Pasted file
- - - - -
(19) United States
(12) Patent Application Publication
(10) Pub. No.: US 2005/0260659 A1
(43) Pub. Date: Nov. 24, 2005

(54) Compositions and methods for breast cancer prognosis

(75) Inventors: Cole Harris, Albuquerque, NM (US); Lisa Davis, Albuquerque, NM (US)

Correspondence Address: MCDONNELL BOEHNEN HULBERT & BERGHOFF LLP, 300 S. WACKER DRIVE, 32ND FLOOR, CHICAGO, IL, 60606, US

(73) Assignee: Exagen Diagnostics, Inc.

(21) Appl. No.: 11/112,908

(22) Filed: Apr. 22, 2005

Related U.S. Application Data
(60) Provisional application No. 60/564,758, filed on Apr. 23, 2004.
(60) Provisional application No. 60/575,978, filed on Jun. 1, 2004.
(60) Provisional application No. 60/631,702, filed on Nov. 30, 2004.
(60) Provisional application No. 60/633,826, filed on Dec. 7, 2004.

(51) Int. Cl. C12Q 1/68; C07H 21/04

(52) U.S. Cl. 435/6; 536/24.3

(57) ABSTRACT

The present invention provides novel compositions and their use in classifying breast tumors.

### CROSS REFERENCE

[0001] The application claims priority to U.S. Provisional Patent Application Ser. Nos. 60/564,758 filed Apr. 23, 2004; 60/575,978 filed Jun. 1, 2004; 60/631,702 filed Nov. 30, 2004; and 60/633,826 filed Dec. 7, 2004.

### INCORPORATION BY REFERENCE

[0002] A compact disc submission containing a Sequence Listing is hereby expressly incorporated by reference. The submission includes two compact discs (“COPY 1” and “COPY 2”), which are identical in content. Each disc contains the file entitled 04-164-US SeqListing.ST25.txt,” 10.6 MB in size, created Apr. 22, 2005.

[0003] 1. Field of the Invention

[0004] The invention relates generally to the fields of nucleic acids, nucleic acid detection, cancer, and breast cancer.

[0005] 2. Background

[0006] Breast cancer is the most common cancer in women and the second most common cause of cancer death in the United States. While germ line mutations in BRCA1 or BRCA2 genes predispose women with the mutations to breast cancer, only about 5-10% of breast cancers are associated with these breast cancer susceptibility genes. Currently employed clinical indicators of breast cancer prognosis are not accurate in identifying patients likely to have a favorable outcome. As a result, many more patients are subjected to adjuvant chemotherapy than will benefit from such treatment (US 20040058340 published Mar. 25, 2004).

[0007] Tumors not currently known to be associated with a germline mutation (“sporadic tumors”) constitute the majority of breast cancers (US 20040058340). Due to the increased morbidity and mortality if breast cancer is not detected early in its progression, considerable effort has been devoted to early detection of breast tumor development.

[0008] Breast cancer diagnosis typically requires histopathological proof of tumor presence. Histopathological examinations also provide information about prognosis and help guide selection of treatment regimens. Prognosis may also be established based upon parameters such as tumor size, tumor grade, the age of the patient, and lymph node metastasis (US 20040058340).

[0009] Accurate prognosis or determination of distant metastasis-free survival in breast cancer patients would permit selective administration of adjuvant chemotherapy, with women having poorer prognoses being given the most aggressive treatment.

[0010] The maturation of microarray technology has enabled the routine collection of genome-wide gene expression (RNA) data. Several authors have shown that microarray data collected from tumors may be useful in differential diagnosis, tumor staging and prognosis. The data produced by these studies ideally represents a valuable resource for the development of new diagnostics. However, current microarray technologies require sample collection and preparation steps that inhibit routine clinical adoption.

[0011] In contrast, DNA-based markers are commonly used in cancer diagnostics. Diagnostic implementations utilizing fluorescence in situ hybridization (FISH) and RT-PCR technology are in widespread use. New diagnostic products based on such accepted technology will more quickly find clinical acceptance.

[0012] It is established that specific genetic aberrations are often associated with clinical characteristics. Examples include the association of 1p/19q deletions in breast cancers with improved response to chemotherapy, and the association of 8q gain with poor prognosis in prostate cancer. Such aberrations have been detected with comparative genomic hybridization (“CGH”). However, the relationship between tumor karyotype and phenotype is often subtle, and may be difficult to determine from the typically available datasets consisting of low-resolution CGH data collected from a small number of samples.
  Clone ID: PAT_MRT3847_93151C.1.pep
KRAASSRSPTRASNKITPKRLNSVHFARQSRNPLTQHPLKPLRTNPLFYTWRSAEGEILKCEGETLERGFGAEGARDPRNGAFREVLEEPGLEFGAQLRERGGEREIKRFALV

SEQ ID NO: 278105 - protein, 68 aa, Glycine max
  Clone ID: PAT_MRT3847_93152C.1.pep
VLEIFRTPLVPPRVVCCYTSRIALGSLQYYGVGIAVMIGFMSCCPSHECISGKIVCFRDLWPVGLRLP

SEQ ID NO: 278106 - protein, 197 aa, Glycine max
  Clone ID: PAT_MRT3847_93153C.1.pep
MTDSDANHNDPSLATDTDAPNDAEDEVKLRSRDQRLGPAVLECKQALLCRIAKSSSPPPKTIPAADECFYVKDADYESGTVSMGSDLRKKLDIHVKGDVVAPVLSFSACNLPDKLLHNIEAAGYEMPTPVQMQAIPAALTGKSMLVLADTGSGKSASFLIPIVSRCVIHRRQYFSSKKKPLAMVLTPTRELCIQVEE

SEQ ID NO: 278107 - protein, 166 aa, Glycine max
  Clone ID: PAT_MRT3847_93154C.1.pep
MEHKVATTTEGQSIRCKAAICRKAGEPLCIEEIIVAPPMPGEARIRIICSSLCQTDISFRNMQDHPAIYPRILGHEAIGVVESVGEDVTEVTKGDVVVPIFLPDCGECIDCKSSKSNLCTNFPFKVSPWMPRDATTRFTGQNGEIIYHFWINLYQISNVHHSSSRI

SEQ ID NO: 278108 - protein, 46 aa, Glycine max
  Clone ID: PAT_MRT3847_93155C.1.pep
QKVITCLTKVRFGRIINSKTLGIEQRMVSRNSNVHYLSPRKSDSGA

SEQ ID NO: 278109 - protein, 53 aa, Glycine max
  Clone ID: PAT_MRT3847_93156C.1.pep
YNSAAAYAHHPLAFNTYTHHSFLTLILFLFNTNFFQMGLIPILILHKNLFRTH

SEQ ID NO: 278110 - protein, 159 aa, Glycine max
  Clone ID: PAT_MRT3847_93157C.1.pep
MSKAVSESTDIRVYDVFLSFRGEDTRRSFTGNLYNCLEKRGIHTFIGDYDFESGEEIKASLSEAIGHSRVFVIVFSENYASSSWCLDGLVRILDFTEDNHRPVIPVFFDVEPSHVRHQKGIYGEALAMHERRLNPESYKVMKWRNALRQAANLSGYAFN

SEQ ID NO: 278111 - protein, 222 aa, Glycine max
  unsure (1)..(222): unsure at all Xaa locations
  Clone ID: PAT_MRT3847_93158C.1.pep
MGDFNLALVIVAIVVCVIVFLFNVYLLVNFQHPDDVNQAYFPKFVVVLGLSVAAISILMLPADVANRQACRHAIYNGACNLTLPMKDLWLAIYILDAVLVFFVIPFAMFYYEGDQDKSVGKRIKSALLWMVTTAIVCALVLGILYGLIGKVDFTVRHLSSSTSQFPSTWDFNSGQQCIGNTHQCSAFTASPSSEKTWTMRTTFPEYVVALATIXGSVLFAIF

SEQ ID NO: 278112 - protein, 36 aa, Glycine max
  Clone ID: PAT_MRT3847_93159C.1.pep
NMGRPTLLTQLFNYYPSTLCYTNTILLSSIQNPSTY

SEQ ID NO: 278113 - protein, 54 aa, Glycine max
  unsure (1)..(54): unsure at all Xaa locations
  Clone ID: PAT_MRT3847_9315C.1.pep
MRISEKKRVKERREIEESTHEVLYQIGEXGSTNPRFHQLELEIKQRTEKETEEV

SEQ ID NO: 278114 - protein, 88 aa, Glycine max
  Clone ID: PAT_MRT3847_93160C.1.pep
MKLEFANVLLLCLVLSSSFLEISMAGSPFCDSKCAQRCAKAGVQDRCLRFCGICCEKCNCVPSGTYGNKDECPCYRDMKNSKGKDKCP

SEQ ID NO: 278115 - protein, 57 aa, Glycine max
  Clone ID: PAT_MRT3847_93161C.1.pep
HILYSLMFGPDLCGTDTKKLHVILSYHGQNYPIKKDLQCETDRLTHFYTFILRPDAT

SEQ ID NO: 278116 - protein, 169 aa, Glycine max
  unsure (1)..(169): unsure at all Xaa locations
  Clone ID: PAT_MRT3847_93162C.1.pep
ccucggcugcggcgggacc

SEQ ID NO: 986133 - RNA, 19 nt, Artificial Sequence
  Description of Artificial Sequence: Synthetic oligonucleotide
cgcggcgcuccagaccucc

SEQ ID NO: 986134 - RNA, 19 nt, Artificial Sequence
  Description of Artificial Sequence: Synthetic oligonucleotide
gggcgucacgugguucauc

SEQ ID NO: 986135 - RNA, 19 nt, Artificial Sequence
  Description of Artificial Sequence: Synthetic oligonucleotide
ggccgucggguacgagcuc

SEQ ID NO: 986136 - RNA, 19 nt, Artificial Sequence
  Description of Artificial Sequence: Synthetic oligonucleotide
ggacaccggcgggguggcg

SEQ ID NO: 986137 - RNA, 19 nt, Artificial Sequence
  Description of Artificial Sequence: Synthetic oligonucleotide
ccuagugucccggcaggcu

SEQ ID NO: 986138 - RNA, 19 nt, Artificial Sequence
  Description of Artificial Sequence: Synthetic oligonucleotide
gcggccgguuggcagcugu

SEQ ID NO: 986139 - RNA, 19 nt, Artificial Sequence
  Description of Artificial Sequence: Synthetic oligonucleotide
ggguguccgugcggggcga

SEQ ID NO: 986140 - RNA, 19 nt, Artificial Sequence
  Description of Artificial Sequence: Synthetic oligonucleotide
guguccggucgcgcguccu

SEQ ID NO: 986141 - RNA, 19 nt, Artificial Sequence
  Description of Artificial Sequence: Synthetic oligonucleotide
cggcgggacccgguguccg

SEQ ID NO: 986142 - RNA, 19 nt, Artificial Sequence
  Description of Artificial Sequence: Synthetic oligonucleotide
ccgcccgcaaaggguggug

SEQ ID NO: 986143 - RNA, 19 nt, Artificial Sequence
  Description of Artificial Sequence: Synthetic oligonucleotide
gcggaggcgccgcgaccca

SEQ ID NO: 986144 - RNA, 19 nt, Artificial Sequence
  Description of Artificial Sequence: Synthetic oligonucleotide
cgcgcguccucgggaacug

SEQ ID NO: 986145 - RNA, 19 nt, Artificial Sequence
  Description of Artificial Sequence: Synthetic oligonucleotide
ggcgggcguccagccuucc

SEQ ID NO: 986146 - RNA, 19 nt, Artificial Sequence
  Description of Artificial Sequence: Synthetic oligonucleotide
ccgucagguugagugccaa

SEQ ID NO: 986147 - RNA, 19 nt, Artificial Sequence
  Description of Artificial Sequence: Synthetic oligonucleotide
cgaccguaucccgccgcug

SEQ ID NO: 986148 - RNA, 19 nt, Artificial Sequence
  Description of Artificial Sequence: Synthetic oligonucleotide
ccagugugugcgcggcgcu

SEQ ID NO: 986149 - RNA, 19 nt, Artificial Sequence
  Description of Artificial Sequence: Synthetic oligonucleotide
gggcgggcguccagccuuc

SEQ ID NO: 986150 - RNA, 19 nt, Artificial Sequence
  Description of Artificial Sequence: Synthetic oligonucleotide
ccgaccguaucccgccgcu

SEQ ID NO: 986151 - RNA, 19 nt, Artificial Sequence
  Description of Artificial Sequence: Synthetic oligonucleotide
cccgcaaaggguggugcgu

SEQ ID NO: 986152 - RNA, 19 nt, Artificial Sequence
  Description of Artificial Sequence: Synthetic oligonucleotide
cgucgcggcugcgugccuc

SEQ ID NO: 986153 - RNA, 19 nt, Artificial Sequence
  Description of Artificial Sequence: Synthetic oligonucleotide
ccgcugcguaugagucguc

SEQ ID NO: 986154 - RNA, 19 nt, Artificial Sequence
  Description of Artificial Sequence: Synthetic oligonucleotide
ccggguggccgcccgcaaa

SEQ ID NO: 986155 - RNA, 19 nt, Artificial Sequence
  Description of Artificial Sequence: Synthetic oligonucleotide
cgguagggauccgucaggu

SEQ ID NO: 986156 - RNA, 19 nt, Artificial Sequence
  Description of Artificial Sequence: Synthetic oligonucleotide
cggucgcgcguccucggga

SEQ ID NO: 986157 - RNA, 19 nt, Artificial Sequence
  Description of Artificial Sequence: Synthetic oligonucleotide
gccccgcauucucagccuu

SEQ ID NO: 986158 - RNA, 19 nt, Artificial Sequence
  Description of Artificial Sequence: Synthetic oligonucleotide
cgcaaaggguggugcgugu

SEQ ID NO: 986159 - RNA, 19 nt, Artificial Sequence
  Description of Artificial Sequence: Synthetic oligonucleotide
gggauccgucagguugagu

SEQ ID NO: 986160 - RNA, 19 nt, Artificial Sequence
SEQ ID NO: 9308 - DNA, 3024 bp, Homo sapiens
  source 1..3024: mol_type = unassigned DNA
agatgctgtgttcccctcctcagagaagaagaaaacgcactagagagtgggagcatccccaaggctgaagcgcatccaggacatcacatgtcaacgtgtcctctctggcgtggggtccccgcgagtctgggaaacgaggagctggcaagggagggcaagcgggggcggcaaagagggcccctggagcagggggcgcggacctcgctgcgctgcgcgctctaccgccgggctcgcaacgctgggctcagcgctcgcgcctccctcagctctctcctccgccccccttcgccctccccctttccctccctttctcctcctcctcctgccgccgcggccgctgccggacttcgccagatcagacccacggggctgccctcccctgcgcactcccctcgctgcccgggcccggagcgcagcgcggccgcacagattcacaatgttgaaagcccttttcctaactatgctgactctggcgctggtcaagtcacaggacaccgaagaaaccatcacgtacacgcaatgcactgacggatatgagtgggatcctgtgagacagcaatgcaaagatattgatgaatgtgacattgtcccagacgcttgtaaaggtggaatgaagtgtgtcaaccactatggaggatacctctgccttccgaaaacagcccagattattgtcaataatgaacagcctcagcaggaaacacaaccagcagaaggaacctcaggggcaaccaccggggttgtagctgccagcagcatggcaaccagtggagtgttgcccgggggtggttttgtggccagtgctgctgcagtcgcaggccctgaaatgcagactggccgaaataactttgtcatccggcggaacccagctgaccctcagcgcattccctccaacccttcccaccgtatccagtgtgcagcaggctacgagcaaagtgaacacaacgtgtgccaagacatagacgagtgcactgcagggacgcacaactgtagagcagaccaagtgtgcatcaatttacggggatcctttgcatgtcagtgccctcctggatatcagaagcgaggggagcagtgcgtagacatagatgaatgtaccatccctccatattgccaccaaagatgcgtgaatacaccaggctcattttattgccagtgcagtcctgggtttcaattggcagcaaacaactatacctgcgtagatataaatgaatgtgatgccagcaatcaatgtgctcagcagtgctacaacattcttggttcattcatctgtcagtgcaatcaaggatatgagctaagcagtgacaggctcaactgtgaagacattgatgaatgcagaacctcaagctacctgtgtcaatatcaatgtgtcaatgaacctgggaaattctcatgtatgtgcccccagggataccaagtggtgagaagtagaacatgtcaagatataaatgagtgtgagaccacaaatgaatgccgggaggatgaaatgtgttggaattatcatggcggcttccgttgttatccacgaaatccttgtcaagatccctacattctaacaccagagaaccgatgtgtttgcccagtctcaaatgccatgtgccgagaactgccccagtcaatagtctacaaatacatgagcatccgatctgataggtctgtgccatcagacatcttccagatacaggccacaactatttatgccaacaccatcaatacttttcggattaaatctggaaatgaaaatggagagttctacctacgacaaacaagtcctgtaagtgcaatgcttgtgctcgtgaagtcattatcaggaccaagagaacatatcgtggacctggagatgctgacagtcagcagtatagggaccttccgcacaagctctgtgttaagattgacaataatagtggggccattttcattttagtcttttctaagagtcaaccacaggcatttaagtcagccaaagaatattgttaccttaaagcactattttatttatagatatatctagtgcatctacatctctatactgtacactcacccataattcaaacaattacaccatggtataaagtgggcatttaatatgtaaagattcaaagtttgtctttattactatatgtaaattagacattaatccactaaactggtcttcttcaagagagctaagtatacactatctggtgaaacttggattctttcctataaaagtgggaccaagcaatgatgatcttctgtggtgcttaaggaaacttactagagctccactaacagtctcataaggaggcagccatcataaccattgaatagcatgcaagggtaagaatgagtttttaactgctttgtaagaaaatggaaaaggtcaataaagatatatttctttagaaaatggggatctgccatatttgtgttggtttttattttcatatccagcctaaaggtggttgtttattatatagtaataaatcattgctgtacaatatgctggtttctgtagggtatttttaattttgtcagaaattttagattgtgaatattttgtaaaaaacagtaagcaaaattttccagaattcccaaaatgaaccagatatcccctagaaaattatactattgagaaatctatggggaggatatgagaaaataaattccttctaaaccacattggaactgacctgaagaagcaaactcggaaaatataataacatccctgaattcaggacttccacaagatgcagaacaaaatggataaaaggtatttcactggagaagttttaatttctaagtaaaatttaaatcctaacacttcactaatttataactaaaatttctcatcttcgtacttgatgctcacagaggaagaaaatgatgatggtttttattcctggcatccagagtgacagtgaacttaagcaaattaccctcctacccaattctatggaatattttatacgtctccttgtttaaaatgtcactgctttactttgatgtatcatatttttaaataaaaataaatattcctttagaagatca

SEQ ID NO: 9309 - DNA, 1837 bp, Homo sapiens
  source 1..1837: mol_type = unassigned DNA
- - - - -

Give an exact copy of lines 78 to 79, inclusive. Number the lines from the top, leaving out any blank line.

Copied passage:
SEQ ID NO: 986134 - RNA, 19 nt, Artificial Sequence
  Description of Artificial Sequence: Synthetic oligonucleotide